National Institute of Informatics - Digital Silk Road Project
Digital Archive of Toyo Bunko Rare Books

> > > >
Color New!IIIF Color HighRes Gray HighRes PDF   Japanese English
0433 Notes on Marco Polo : vol.1
Notes on Marco Polo : vol.1 / Page 433 (Color Image)

New!Citation Information

doi: 10.20676/00000246
Citation Format: Chicago | APA | Harvard | IEEE

OCR Text


181. COTAN


206) is difficult to explain if we start from the Syriac writing, but very easy to account for and common if the confusion be between Arabic û and) r. It seems to me extremely probable that the diary of the journey from China to Mesopotamia also passed into Syriac from a Persian original. The Syriac form «Hôtôn» postulated by CHABOT'S correction is unlikely, since there is no known example of the Iranian and Mussulman form Wan being written with vowels in a Semitic writing, and particularly with an -ô- in the second syllable. Our two pilgrims, of Altaic origin and living under the Mongol domination, must have known Khotan under its Turco-Mongol name Odon. Rabban Çauma wrote L,y)t *Oton (although we should have rather expected « Odon »), and it is this «Oton», which, misread 3y51 *Lôtôn, became the «Lôtôn» of the Syriac version. The case, in my opinion, is the exact counterpart of that of *Lônbâr misread Onbâr.

The old Turco-Mongolian form Odon had been forgotten when the Kalmuks extended their power over Chinese Turkestan in the 17th cent. The Kalmuk map brought back by RENAT when he came back to Sweden in 1734, gives Hoton as the name of Khotan (BADDELEY, Mongolia, Russia, China, I, cxcviii). In Eastern Mongolian, the same form had prevailed, and this explains why the Mongol author 'Jigs-med nam-mkha, writing in Tibetan in 1819, mentions Khotan as «Ho-thon» (HUTH, Geschichte des Buddhismus, II, 17 ; despite BLOCHET, Moufazzal, 691, «Sanang Setsen's » Hara-hotan [cf. SCHMIDT, Gesch. der Ost-Mongolen, 259] is not Khotan, but the now well-known Hara-hoto [« Kara-khoto »] to the north of Kan-su; see « Eçina »).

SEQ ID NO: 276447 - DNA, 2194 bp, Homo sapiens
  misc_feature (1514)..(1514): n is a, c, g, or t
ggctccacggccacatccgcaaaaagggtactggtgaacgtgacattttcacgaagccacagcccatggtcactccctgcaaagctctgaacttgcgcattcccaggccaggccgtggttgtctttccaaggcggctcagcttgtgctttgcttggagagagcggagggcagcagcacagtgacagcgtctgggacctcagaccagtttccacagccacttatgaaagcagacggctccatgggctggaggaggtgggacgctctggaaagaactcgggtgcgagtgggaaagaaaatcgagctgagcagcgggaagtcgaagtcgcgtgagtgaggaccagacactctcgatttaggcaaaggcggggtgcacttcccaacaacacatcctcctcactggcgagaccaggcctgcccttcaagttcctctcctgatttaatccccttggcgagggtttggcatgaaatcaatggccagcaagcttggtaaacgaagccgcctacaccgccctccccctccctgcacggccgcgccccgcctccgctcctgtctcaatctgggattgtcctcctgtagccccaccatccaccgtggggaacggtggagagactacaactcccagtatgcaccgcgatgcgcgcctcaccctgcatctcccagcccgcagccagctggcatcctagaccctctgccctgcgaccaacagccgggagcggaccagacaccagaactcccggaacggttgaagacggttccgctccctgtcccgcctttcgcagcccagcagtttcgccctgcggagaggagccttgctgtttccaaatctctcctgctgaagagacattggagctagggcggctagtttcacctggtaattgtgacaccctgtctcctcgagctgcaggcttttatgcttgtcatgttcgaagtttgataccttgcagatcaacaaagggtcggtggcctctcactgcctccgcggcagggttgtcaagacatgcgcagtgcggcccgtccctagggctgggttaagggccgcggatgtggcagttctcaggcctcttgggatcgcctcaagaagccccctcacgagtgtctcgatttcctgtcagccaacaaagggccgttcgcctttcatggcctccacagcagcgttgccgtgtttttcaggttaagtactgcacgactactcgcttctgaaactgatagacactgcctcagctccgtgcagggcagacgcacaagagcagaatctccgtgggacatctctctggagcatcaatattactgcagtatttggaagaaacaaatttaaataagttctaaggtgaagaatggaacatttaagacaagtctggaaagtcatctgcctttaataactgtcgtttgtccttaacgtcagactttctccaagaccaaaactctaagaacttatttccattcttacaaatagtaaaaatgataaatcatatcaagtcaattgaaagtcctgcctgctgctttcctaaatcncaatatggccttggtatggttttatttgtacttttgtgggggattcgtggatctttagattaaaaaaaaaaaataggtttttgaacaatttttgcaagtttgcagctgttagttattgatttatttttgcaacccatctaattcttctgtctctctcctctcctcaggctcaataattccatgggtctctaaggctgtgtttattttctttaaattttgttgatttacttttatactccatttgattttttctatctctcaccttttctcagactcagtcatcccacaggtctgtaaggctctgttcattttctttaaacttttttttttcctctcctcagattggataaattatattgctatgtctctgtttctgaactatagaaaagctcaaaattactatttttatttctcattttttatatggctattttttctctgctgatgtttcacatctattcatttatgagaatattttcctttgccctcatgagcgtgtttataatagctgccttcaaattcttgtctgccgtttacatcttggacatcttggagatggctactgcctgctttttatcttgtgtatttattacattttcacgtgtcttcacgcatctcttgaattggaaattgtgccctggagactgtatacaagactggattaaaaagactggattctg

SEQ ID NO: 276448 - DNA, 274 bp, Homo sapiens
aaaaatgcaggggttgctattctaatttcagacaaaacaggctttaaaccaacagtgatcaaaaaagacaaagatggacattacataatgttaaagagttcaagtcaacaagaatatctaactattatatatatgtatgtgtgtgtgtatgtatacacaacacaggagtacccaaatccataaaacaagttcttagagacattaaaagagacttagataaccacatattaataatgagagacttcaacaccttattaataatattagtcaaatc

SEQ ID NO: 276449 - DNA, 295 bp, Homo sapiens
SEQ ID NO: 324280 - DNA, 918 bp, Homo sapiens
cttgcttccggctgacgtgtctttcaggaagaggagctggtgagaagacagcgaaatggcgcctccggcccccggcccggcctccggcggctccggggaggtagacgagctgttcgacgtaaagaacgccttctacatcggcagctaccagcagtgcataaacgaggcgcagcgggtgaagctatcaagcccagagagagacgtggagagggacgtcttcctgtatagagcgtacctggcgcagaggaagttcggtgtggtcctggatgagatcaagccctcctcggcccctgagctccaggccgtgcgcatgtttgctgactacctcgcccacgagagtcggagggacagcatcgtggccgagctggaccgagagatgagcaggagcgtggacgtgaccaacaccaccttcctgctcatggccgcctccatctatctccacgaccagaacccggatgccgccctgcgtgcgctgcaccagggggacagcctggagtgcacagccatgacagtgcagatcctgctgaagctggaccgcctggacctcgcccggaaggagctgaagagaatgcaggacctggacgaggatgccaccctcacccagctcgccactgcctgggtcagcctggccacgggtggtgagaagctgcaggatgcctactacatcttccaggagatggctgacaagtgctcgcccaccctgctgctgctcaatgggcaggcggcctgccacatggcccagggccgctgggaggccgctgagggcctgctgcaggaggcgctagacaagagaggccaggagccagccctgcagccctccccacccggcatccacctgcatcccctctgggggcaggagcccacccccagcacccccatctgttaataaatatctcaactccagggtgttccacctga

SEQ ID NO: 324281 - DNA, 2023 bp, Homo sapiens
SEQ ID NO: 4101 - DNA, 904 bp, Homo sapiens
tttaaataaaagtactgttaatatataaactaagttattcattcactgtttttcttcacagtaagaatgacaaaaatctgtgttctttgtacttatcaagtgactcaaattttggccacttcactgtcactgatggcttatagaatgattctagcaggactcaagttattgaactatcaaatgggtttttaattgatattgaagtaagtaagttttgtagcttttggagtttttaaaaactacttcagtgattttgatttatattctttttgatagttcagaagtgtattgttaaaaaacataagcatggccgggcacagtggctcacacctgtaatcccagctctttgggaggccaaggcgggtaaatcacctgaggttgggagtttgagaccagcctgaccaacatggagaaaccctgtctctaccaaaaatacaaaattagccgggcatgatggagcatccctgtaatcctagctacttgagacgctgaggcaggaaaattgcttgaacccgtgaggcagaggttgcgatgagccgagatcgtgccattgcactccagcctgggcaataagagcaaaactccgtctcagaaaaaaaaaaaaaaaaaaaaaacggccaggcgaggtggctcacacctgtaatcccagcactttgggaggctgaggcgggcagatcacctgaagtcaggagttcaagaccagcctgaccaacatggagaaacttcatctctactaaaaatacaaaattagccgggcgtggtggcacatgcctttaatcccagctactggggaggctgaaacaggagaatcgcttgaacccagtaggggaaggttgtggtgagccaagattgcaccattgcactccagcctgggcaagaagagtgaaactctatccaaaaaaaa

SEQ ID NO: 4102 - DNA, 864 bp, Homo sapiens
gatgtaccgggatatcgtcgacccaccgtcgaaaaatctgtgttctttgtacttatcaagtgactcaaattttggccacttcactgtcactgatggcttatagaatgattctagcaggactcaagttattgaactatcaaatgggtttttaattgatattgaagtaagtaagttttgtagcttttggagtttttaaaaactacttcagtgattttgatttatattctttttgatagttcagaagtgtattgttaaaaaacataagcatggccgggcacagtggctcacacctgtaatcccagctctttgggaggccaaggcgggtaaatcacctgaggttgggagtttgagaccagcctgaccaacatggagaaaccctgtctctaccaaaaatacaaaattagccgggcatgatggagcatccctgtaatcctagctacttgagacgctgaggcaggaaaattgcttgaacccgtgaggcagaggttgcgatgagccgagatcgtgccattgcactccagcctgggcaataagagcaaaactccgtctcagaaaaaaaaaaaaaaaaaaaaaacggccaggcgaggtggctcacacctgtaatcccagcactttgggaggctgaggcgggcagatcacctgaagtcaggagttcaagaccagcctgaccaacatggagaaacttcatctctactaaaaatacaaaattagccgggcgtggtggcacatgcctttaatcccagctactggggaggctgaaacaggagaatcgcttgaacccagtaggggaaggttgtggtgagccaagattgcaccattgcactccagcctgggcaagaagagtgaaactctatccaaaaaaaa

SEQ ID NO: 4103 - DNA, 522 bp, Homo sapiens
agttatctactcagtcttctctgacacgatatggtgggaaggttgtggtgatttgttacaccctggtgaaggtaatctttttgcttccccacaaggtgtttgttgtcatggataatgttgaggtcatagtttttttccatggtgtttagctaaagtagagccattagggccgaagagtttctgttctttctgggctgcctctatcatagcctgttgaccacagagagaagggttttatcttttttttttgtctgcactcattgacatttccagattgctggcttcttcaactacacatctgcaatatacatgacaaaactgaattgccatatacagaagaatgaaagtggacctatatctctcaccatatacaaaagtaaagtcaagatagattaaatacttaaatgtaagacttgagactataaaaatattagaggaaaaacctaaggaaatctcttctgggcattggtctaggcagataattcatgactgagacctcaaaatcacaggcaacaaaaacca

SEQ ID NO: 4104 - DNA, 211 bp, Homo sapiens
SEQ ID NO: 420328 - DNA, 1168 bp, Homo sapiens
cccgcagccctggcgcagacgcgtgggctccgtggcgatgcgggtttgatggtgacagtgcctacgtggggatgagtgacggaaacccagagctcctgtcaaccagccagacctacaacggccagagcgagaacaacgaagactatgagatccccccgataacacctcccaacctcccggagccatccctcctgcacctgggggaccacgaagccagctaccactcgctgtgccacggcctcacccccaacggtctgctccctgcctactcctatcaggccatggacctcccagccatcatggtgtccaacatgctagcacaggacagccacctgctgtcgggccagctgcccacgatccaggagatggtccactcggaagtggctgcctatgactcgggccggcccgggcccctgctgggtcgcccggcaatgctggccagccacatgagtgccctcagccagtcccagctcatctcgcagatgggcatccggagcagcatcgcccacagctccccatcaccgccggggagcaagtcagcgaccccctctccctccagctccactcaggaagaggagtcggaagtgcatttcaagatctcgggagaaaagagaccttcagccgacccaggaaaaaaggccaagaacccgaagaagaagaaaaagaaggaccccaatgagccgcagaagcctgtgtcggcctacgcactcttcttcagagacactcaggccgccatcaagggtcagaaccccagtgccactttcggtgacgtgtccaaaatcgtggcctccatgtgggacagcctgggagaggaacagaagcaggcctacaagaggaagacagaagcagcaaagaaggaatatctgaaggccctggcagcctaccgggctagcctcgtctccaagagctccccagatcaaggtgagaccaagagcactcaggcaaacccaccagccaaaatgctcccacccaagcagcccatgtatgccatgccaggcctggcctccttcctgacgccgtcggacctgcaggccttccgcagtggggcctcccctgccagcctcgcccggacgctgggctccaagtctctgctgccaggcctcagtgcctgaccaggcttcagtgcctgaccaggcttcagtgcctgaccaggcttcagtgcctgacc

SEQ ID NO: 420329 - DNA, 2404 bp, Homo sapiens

But this Mongol form Hoton raises a new problem. In modern Mongolian, Hotong is the name of the settled population of Chinese Turkestan (cf. KOWALEWSKI, 916-917), and the same obtains in Kalmuk, with the pronunciation Hotn. RAMSTEDT (Kalm. Wörterbuch, 190) is in doubt whether that name is derived from boto, hotn, «city », or from the name of Khotan (RAMSTEDT actually says in German « Chotand » [__= Khotand] and speaks of « die chotandische Sprache »; it can only be a slip for « Chotan » = Khotan). The use of the term goes back at least to the beginning of the 18th cent., since RENAT has added « Kottonner », as an ethnic, to the names really given by the Kalmuk map (BADDELEY, loc. cit. I, CLXXIV, CCV). In the same manner, the notice due to FILISOF, written in 1734 and describing a lost companion map to that of RENAT, speaks of Western Chinese Turkestan as « the Khoton towns » and « the Khoton country». When referring to Khotan, FILISOF uses the curious expression « Khotoni Khoton » (BADDELEY, loc. cit., I, CLxxxl). This seems to be Hoton-i Hoton, « Hoton of Hoton ». The second Hoton is certainly Khotan, and I feel inclined to believe that the first one also represents it. It seems to me that Khotan, on account of its importance, had become a sort of a generic term for the whole region among the Kalmuks, so that «Hoton-i Hoton» really means « [the city] Hoton of [the country] Uoton », or « Khotan of Chinese Turkestan ». The Hotong of modern Mongolian and modern Kalmuk is a nasalized pronunciation of Uoton (we know of many similar cases) which is easier to explain if we start from Uoton Hotan, Khotan, the final -n of which had to be preserved and was actually

preserved by -rig, than if we think of qotan   qoton   xoton, «city », with a quiescent final -n

which is usually dropped in the current form xoto. The use of «Khotan» as a generic name of Western Chinese Turkestan finds some support in the late account translated by S. C. DAS

(JASB, LV, 203), when it mentions, to the east of « Akasu » (= Aq-su) « Guchhe of Li-yul », which would literally mean « Kuà of Khotan »; Li-yul, « Khotan n, is clearly here the equivalent of the